France has a long tradition of asylum for refugees. Since the Revolution, this has made it the land of liberty (pays de la liberte) and the land of asylum (la terre d'asile)." "In practice, responses have been shaped less by principle than by political and social conditions. Various refugee movements - from the late eighteenth-century Lowlands, to Spanish and Italian liberals in the 1820s, Polish nationalists in the 1830s. German social revolutionaries of 1848-9, anti-Bolsheviks from the Russian Revolution, Christians from the former Ottoman Empire, and Jews from Nazi Germany - have met with mixed responses, which shifted uneasily between sympathy, principle, pragmatism, and open hostility." "This book examines the tensions between refugee rights and political responses to refugees, and between humanitarian concern for their plight and hostility to their imposition on the state. Increasingly punitive measures against refugees saw,
in 1939, the end of asylum in the internment of republican exiles from the Spanish Civil War.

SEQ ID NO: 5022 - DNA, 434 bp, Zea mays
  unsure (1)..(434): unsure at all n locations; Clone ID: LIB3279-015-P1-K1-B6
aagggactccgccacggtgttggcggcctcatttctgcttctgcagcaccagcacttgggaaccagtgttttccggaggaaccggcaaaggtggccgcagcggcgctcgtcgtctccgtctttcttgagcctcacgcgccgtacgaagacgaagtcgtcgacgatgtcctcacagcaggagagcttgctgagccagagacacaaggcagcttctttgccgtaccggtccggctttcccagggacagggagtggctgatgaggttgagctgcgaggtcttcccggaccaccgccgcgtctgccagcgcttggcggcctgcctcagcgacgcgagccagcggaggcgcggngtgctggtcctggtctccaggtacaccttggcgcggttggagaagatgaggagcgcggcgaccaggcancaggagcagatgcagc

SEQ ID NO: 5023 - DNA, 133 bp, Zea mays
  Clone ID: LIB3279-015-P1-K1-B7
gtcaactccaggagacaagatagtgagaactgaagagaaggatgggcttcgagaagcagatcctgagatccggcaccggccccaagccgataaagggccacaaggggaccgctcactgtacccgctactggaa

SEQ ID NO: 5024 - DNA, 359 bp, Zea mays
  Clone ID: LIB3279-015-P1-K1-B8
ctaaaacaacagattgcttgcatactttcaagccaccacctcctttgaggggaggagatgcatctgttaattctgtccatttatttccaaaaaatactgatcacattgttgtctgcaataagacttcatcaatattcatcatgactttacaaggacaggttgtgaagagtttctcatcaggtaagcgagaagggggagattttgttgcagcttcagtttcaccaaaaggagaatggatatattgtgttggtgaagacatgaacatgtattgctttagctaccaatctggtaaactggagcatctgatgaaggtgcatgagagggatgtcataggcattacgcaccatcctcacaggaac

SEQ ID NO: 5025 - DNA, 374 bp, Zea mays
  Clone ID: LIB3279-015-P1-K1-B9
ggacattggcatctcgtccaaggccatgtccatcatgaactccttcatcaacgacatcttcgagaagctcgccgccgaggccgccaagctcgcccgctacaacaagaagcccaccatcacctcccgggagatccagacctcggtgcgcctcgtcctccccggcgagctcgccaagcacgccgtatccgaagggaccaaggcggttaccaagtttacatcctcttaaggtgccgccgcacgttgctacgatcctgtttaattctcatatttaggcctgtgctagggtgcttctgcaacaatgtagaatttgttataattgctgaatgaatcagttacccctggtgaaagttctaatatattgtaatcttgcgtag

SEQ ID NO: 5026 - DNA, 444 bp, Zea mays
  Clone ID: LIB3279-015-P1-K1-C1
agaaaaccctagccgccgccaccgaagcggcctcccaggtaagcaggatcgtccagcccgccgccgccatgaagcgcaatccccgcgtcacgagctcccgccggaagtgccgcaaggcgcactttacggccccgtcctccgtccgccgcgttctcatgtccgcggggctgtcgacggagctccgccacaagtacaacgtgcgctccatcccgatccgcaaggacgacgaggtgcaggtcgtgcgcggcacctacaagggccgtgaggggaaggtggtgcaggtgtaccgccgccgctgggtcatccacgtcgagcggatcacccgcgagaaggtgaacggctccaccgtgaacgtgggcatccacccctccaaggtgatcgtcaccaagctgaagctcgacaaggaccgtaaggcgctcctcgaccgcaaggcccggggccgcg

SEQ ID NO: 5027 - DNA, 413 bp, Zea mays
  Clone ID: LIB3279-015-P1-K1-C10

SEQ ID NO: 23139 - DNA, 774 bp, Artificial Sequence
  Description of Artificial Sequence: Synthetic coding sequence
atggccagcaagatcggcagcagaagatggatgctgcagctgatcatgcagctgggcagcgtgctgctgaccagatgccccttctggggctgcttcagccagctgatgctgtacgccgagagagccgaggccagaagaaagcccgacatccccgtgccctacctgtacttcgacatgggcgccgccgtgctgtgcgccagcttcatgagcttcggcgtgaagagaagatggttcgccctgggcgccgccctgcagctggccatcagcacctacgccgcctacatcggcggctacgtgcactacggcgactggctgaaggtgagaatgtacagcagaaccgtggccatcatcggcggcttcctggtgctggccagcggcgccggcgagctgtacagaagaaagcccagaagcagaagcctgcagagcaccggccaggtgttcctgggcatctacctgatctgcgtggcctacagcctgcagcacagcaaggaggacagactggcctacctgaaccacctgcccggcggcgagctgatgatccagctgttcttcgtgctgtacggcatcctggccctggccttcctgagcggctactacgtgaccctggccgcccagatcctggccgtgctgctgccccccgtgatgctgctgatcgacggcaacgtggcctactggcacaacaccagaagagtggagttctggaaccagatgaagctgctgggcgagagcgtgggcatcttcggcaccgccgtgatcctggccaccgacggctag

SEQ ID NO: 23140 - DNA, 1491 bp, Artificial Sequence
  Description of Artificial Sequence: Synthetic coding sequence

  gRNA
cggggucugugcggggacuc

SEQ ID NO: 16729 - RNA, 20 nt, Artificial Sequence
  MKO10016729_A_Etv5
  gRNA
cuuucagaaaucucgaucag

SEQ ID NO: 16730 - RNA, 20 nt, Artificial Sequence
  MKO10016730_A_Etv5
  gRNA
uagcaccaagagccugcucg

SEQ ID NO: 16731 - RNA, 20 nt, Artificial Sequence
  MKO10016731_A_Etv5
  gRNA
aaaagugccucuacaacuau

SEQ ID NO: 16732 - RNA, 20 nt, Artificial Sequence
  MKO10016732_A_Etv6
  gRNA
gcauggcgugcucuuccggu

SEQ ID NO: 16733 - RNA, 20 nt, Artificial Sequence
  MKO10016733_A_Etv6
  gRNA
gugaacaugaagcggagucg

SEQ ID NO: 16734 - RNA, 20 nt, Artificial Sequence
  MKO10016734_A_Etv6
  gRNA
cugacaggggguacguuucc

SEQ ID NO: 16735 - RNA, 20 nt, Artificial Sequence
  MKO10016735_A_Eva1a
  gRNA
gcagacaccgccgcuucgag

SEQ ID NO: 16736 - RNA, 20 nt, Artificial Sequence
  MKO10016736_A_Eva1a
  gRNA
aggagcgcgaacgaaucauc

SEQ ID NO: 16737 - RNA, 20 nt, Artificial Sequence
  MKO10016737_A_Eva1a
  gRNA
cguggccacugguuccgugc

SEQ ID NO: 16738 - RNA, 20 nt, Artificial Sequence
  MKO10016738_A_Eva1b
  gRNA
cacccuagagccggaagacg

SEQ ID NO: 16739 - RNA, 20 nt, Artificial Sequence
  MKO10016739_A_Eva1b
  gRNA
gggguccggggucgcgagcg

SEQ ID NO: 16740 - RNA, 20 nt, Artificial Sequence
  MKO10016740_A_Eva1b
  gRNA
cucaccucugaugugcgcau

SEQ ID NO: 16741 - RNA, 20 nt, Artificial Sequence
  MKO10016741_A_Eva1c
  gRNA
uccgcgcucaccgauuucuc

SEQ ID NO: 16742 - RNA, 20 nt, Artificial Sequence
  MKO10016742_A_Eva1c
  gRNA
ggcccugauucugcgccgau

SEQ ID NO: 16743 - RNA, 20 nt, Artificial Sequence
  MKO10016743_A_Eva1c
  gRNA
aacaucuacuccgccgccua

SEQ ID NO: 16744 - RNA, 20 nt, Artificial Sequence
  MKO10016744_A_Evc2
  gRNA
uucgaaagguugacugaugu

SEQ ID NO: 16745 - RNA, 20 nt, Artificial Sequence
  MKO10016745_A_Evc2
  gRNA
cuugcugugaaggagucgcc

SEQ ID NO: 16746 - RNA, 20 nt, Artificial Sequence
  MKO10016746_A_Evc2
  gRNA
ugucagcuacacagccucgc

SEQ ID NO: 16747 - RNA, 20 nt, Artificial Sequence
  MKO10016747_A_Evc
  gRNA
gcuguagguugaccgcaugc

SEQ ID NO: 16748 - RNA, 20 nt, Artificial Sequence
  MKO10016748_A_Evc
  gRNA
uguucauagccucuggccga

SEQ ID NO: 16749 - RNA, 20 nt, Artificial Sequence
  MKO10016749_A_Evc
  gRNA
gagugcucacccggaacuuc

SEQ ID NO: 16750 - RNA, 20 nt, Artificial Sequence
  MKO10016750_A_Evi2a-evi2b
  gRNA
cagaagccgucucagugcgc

Contents: Introduction: Refugees and Asylum -- Pt. I. Asylum and the French Revolution -- 1. Exiles and Patriots -- 2. Asylum, Empire, and Restoration -- Pt. II. Revolutionary Exiles and the July Monarchy, 1830-48 -- 3. The Limits of Tolerance -- 4. The Practice of Asylum -- 5. 'A sentence passed in a shadow, by a hidden power' -- Pt. III. A Republican Tradition: Asylum, 1848-1920 -- 6. Asylum and the Mid-Century Crisis -- 7. Socialist Revolutionaries, Mass Migration, War: 1870-1920 -- Pt. IV. 'Around the corner from a hostile France, a France more amicable', 1920-39 -- 8. Migration and Asylum After the Great War -- 9. The German Refugee Crisis, 1933-5 -- 10. Reform, Renewal, and the End of Asylum -- Conclusion: The Right of Asylum - A Site of Memory.
Field of Research
210307 European History (excl British, Classical Greek and Roman)